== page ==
Health requires a whole‐of‐government, and ultimately whole‐of‐system, approach

Virginia Barbour
Med J Aust 2023; 218 (5): 195-195. || doi: 10.5694/mja2.51866
Published online: 20 March 2023

For anyone who lived in Australia in the summer of 2019–2020, the cover of this issue showing Parliament House shrouded in smoke is a stark reminder of that terrible black summer. Like many others, I first became only too familiar with the properties of masks then, and I have vivid memories of my daughter returning to a smoky Canberra after the Christmas holidays with boxes of masks to protect against the particles in the air, not just for her but for friends who could not buy them locally. Only a few months later, we would of course become only too familiar with the properties of other kinds of masks. But as the COVID‐19 pandemic continues, the perspective by Heenan and colleagues reminds us that the health risks of COVID‐19, enormous as they are, are dwarfed by the risks of climate change, not just to human health but to the health of the planet (doi: 10.5694/mja2.51857).

Australia does not have a good record in taking this risk seriously at a political level except at times of immediate crisis. Heenan and colleagues note that “Australia's engagement with the health impacts of climate change relates primarily to disaster response”, which is probably explained by a lack of high level strategy — “Australia makes no reference to health in its contribution pledge to the United Nations Framework Convention on Climate Change, and to date is one of few countries lacking a national health and climate change strategy”. Without a strategy, action is unlikely. The MJA–Lancet Countdown was established in 2017, and produced its first national assessment in 2018 and annual updates thereafter in 2019, 2020, 2021 and 2022. The 2022 title was clear: “Australia unprepared and paying the price”. We are now nine months into the term of a new government that has indicated that it will prioritise climate action, but we must hold them to account. Heenan and colleagues state the challenge clearly: “Overcoming current obstacles to political engagement is vital to Australia's health and wellbeing, and is critically time‐sensitive given the accelerating pace of climate change and fast‐approaching critical thresholds”.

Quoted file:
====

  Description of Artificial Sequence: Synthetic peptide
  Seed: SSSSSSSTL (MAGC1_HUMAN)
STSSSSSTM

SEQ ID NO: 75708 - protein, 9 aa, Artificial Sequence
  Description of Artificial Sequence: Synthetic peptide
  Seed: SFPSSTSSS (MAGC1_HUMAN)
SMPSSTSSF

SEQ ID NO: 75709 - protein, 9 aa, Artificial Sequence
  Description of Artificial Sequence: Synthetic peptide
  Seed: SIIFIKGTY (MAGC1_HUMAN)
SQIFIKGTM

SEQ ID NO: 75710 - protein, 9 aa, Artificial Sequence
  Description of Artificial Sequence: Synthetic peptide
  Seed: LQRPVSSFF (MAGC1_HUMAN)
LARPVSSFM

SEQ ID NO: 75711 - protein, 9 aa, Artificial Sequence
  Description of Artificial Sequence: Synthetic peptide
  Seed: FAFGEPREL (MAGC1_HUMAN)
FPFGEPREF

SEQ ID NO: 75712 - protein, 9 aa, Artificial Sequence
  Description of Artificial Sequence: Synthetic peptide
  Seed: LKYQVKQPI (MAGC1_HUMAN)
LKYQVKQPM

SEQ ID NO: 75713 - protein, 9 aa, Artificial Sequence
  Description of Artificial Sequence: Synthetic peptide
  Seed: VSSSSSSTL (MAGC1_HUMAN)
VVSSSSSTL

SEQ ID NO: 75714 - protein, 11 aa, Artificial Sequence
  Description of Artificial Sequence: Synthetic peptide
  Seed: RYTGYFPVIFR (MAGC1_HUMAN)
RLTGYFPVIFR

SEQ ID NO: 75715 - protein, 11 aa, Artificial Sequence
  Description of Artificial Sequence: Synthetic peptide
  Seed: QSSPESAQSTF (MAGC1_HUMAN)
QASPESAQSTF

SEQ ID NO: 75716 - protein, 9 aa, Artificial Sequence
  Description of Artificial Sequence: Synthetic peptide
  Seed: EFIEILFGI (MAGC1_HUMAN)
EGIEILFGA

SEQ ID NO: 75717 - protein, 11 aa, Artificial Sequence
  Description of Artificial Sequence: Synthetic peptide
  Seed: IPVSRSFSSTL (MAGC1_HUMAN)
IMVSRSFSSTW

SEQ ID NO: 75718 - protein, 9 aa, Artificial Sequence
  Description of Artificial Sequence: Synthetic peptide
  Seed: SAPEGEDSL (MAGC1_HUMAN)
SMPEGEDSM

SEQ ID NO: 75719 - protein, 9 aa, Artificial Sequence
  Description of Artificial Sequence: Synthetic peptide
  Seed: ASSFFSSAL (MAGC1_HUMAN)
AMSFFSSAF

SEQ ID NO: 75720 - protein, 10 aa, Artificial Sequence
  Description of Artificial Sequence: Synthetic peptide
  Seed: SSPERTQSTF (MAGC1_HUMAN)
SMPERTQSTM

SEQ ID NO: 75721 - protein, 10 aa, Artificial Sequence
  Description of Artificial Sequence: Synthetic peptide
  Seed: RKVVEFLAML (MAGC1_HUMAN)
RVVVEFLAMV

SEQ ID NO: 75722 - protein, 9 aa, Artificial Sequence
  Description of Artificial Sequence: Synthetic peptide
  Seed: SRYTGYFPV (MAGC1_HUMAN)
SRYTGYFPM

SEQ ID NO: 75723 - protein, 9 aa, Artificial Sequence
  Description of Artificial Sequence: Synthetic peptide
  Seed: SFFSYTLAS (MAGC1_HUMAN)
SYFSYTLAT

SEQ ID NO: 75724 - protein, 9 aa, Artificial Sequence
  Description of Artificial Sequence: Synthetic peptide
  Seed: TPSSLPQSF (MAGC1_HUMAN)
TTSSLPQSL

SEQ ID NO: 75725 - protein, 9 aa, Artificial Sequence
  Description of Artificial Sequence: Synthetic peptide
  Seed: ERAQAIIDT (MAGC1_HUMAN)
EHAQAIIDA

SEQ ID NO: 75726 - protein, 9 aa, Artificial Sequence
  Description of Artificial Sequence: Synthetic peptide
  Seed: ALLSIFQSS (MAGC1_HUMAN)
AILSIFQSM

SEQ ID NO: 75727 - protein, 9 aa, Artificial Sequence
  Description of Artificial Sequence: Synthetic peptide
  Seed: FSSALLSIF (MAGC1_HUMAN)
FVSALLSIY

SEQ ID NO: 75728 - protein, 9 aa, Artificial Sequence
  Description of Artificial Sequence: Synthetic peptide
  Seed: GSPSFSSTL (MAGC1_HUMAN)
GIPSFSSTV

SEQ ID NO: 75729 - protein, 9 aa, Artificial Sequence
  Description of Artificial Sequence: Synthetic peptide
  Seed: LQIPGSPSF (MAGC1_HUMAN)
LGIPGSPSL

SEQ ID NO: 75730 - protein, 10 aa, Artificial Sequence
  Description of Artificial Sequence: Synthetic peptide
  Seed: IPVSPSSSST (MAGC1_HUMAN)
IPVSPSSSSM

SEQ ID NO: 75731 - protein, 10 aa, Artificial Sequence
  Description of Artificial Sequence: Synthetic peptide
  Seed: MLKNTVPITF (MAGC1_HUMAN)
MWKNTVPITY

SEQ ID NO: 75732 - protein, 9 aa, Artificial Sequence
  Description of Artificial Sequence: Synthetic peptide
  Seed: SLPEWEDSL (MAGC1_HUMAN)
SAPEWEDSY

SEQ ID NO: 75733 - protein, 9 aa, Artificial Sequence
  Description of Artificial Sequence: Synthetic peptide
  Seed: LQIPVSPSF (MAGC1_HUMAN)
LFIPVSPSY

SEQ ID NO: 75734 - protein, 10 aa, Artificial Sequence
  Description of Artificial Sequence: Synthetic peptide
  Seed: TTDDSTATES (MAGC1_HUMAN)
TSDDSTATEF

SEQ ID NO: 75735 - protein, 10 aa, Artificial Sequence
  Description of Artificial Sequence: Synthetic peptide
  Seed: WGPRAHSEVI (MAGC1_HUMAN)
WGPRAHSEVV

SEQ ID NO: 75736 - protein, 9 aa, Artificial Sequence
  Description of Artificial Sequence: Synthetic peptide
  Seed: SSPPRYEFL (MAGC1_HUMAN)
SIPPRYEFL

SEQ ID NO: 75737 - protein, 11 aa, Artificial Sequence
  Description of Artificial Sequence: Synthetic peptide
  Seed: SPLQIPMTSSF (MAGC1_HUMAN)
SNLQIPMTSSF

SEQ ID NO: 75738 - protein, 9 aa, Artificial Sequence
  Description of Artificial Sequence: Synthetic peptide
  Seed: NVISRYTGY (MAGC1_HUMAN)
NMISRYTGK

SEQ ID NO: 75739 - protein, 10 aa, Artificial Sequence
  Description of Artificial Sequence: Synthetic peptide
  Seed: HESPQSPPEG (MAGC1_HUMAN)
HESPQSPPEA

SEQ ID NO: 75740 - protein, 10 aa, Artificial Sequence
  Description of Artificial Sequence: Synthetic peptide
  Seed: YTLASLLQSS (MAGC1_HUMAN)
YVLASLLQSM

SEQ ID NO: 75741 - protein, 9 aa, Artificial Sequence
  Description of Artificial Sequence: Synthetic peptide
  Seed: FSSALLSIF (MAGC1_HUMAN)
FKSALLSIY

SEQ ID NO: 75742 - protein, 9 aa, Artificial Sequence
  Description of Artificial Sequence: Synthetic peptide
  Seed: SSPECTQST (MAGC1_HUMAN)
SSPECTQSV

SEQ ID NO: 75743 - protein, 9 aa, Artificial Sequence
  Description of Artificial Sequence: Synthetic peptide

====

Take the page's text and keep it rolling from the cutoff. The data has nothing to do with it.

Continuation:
The perspective by Dudgeon and colleagues highlights another critical challenge that the Australian health sector must address: “that interpersonal and structural racism contributes to Indigenous people's physical and mental ill health and reduces access to health services” (doi: 10.5694/mja2.51862). Governments and legislation have a role here too. But as Dudgeon and colleagues point out, legislation is not enough: “Although most signatory governments [to the International Convention of the Elimination of All Forms of Racial Discrimination], including Australia, denounce racism, most allow racism in its different forms due to inadequate legal mechanisms, poor definitions of racism, a lack of moral and political will, and a lack of accurate data revealing the inequalities in accessing services experienced by Indigenous people”. Dudgeon and colleagues highlight a role for public awareness campaigns such as “Racism. It stops with me” but note that ultimately, “The cultural safety frameworks established to support mainstream services to create culturally safe environments, services and practices need recourse to a legislative framework as well”.

The narrative that health is not purely a personal issue could not be more clearly articulated by these articles; health requires a whole‐of‐government, and ultimately whole‐of‐system, approach.

  • Virginia Barbour

  • Editor-in-Chief, the Medical Journal of Australia



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